A submersible surface-planing vessel has the capability to operate with a lowered profile on surface propulsion to lessen the visibility of the vessel, and sink to the bottom for temporary storage, followed by resurfacing and dewatering to operate as a planing craft. Surface propulsion is provided by an engine system which can be totally sealed when the vessel submerges. A buoyancy system, which may include both open and closed ballast tanks, permit the vessel to sink, refloat or to be of neutral buoyancy as required. The vessel is constructed to maintain the center of buoyancy above the vessel's center of gravity irrespective of the degree of fill of the ballast tanks to maintain the vessel in an upright orientation at all times when under water and transitioning between surface and submerged states.
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The present invention relates to a new and improved water vessel, and particularly to a watercraft designed for surface planing travel that has the ability to submerge in an unpowered state, rest or be cached at the bottom as desired, and then resurface to resume travel.BACKGROUND OF THE INVENTION
Submersible watercraft or submarines are a highly sophisticated and well-established part of the navies of the world. A modern submarine permits extended undersea voyages for an extensive crew, allowing missions to be carried out with a high level of stealth and safety. While submarines are typically designed to be most efficient when traveling underwater, they are capable of both submerged and surface travel. Due to the vastly different hull characteristics required for efficient surface and subsurface travel, however, surface travel speed and efficiency is sacrificed to improve underwater performance. This is entirely reasonable, however, as the very purpose of a submarine suggests that its design should be to favor underwater travel.
There are situations, however, in which rapid deployment of a vessel may take precedence over the improved stealth characteristics associated with underwater travel, and it is well recognized that surface travel is significantly more efficient than underwater travel, and that much greater speeds can be obtained with a planing hull than a hull that is fully submerged. Yet even in such circumstances the ability to have the vessel submerged at some point in time can be of significant value. Particularly in the case of relatively small watercraft intended for military operations, the ability to maintain the vessel at the mission demarcation point in an undetected manner is substantially enhanced if the vessel is submerged. In such circumstances, the need for underwater travel is minimized. Major requisites of such a vessel are rapid surface travel coupled with the ability to submerge at a chosen location, remain submerged for an extended period of time, and then surface and leave the demarcation point in a rapid manner. Because the personnel compliment aboard is normally outfitted with self-contained, underwater breathing apparatus (scuba) the need for a watertight enclosed quarters for the personnel is not required.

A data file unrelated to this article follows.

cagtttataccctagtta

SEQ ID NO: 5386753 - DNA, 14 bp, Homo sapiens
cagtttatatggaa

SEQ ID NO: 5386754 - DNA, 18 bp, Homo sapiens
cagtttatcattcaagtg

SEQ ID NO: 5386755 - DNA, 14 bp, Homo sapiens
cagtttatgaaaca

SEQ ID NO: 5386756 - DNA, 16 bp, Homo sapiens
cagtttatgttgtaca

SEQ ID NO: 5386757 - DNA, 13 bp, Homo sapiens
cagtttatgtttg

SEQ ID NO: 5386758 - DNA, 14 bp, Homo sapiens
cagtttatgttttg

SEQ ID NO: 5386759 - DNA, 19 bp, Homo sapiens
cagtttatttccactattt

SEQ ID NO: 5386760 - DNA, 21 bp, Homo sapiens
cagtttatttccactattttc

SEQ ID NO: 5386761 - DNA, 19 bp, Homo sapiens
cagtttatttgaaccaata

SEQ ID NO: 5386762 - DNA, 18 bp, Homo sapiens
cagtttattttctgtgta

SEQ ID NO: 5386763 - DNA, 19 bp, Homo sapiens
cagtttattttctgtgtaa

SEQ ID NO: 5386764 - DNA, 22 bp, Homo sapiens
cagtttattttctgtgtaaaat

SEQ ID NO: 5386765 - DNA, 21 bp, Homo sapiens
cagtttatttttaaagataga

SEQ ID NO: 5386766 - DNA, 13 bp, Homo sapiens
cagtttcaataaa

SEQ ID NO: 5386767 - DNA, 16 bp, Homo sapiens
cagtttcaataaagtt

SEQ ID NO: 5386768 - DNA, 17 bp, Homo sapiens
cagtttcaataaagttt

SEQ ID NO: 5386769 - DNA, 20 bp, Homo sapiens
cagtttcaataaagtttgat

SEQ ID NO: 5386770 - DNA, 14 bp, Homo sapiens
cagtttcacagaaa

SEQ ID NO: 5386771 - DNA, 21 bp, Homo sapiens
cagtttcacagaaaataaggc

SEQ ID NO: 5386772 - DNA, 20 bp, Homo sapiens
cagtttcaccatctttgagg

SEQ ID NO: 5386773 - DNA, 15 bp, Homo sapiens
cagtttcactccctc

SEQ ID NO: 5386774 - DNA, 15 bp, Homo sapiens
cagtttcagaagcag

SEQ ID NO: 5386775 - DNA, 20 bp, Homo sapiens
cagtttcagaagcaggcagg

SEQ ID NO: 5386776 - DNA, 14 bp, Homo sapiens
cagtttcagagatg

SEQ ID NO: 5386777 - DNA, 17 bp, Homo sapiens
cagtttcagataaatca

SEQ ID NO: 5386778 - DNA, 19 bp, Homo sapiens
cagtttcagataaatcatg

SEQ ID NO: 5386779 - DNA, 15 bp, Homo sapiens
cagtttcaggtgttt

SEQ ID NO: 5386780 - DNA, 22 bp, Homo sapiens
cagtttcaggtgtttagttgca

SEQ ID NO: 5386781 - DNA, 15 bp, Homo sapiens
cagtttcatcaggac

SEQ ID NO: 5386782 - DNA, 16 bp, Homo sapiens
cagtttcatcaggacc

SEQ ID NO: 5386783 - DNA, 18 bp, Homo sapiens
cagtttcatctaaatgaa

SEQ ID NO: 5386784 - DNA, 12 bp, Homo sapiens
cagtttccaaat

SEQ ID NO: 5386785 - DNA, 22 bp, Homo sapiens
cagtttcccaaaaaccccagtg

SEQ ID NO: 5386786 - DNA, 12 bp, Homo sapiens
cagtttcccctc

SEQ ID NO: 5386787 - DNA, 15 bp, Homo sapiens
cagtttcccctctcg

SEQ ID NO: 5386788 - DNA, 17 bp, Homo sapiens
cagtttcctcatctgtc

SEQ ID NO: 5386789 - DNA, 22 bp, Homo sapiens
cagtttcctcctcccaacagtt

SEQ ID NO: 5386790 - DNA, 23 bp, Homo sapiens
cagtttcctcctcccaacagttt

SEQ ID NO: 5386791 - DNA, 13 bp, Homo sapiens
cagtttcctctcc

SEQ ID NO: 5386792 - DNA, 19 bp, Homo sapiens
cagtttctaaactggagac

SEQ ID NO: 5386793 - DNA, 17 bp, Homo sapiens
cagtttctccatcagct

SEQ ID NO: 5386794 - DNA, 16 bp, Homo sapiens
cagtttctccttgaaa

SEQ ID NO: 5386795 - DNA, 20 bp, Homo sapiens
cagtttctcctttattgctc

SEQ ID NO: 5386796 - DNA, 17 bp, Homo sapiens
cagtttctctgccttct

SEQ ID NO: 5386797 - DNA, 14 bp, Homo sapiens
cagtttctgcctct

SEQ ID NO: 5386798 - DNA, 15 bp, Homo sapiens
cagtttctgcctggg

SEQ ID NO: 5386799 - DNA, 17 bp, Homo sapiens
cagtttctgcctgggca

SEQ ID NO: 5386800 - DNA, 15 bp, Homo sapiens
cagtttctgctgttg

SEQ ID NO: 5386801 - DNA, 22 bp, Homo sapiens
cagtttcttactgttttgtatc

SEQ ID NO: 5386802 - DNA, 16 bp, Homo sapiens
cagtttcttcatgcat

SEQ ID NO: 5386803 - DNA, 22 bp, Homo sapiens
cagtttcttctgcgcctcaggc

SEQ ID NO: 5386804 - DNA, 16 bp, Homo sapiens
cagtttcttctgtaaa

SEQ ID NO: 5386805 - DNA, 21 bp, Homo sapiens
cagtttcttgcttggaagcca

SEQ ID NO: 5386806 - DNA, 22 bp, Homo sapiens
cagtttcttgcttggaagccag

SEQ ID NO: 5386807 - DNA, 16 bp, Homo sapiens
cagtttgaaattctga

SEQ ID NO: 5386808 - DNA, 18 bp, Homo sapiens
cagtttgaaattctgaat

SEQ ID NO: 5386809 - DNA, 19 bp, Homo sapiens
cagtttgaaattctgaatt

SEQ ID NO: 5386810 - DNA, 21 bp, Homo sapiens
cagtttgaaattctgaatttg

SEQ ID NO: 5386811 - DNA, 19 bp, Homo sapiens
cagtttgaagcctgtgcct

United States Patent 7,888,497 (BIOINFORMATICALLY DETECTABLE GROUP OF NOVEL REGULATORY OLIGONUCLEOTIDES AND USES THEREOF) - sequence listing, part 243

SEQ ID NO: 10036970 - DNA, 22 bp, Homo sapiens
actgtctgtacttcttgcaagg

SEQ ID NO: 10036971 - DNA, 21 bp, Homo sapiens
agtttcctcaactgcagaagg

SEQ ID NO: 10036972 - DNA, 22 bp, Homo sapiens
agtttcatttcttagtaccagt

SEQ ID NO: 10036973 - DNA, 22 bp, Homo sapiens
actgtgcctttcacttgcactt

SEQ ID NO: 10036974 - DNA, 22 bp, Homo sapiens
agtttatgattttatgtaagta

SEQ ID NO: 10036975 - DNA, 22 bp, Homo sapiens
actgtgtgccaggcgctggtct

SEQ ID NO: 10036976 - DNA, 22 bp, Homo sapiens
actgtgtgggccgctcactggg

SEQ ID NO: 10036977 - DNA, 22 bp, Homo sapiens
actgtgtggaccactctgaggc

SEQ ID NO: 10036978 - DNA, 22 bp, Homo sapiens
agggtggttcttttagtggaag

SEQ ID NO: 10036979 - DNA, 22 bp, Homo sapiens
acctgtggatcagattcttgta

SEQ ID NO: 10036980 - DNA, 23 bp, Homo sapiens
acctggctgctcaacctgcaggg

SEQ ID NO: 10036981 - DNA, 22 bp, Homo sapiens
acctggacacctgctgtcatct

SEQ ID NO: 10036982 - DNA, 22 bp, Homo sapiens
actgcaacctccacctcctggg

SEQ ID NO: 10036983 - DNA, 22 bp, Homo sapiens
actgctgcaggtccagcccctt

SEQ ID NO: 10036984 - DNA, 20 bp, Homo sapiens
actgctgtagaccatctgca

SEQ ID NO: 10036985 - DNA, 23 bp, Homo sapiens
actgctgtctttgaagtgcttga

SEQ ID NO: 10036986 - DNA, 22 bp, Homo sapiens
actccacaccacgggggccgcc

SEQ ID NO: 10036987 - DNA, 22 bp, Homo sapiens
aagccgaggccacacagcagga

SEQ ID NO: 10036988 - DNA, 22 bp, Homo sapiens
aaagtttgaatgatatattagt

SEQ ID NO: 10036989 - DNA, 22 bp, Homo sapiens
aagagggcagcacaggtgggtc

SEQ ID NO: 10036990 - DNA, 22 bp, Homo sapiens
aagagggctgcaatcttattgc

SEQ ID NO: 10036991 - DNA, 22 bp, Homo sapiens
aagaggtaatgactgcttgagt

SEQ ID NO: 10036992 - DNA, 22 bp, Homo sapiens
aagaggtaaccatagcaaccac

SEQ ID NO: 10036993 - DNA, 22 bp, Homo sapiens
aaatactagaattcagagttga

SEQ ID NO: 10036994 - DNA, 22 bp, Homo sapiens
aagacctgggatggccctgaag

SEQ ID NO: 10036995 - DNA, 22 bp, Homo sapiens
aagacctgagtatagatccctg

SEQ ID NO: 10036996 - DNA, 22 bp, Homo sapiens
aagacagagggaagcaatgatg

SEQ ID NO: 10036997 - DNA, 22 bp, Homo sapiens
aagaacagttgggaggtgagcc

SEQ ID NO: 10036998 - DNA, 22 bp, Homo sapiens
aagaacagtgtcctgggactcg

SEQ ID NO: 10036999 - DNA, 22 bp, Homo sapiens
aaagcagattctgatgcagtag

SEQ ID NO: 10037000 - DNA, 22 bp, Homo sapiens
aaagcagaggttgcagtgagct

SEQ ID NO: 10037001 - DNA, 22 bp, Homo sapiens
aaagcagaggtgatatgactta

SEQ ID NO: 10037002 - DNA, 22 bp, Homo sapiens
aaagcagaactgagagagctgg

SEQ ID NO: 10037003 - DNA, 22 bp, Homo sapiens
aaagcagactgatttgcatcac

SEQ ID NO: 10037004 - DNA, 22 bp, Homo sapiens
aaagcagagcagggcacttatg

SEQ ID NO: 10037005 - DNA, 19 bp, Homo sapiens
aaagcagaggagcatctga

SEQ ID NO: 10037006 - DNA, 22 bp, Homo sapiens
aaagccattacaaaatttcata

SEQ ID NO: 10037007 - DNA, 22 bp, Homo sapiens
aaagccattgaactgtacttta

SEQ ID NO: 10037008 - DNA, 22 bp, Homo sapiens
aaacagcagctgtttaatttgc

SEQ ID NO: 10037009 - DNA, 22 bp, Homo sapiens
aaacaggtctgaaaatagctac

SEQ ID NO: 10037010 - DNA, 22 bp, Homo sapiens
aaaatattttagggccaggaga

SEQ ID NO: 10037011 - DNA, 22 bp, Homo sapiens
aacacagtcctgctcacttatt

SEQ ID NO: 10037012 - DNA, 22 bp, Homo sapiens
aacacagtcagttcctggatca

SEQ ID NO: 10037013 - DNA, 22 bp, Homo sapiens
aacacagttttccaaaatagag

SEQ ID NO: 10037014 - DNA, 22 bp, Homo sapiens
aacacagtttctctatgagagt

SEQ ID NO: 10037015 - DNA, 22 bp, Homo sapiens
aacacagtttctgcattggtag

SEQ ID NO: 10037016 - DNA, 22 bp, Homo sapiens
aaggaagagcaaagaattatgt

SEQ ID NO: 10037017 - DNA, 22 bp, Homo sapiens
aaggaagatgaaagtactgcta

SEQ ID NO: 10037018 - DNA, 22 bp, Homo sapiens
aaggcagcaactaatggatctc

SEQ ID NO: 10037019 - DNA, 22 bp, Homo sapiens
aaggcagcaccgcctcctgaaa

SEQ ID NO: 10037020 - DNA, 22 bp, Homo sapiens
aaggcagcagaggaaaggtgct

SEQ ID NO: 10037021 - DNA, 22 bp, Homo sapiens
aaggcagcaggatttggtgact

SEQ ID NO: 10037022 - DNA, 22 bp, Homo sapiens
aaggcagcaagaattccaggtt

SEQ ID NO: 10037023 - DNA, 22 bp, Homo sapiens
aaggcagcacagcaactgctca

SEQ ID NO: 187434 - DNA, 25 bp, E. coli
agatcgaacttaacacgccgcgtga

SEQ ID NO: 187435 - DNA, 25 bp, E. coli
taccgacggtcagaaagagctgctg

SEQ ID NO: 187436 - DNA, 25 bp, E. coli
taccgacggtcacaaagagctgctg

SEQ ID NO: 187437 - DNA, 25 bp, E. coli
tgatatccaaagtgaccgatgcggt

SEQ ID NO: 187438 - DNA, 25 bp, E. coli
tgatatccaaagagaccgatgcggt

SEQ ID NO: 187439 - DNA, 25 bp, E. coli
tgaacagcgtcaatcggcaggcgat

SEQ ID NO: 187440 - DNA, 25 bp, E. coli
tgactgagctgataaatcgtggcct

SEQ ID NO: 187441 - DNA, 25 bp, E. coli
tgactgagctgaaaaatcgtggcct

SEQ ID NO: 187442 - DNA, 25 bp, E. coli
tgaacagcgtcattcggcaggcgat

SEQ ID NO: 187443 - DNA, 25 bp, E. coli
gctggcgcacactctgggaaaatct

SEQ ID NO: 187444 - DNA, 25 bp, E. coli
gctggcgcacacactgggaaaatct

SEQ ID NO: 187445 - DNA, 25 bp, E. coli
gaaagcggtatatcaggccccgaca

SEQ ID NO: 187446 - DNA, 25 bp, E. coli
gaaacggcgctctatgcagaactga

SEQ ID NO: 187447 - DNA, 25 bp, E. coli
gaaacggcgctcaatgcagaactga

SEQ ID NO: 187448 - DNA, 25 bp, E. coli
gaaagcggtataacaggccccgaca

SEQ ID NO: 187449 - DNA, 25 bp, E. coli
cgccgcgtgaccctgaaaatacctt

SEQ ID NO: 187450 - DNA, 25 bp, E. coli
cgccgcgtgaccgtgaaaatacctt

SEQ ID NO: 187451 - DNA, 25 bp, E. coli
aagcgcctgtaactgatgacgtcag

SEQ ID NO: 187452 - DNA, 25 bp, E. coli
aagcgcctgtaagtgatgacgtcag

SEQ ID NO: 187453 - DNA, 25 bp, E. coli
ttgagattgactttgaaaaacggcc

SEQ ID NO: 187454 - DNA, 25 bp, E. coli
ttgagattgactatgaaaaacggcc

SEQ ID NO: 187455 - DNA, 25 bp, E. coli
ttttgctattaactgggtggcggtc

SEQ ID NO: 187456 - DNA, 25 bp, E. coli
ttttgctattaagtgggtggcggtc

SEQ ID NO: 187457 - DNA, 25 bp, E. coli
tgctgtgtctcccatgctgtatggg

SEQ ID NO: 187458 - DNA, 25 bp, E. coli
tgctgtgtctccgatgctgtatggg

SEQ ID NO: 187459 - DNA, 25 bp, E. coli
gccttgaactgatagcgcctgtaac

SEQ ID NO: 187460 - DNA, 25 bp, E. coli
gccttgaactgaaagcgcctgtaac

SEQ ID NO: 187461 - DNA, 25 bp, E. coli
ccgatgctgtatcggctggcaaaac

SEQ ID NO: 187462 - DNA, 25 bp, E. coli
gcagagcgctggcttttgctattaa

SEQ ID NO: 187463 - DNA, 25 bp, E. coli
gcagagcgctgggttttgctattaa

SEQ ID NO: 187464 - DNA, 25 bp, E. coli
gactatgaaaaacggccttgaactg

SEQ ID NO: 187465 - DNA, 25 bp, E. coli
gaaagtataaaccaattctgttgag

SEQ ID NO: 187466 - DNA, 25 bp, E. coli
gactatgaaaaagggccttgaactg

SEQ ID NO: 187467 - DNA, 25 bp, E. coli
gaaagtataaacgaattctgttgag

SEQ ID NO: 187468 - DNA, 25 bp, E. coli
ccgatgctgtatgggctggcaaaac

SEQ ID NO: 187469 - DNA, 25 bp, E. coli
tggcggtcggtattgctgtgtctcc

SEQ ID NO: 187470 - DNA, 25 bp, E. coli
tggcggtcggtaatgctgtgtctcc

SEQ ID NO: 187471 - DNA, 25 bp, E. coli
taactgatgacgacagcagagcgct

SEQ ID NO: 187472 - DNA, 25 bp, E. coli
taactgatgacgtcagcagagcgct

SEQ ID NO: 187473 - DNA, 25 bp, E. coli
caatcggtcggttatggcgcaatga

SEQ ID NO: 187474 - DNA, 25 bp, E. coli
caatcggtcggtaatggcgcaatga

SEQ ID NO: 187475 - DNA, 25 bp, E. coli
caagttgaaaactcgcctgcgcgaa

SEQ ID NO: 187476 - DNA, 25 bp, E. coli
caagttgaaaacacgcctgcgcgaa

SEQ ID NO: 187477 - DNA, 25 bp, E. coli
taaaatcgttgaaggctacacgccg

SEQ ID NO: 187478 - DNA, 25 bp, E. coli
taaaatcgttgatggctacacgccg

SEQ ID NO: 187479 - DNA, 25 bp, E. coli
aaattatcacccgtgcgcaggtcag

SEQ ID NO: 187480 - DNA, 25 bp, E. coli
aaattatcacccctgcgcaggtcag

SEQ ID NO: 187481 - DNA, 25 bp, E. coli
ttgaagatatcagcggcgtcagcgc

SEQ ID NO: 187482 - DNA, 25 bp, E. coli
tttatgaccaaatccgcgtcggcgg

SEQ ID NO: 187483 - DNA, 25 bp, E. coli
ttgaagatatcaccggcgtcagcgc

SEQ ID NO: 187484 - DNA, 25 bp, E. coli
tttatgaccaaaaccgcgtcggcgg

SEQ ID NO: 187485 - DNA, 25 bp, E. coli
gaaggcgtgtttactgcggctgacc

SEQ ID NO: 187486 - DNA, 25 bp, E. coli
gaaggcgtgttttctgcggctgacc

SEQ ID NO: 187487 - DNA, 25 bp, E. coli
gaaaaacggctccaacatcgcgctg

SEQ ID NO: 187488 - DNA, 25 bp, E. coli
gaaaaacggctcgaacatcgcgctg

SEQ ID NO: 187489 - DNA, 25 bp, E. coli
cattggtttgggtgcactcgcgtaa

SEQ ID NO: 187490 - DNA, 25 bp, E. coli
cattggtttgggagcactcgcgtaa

It is accordingly a purpose of the present invention to provide a surface-planing vessel having the capability of submerging, remaining below the surface for an extended period, and then resurfacing for further powered surface travel.
It is a further purpose of the present invention to provide such a submersible vessel having solely a surface propulsion system.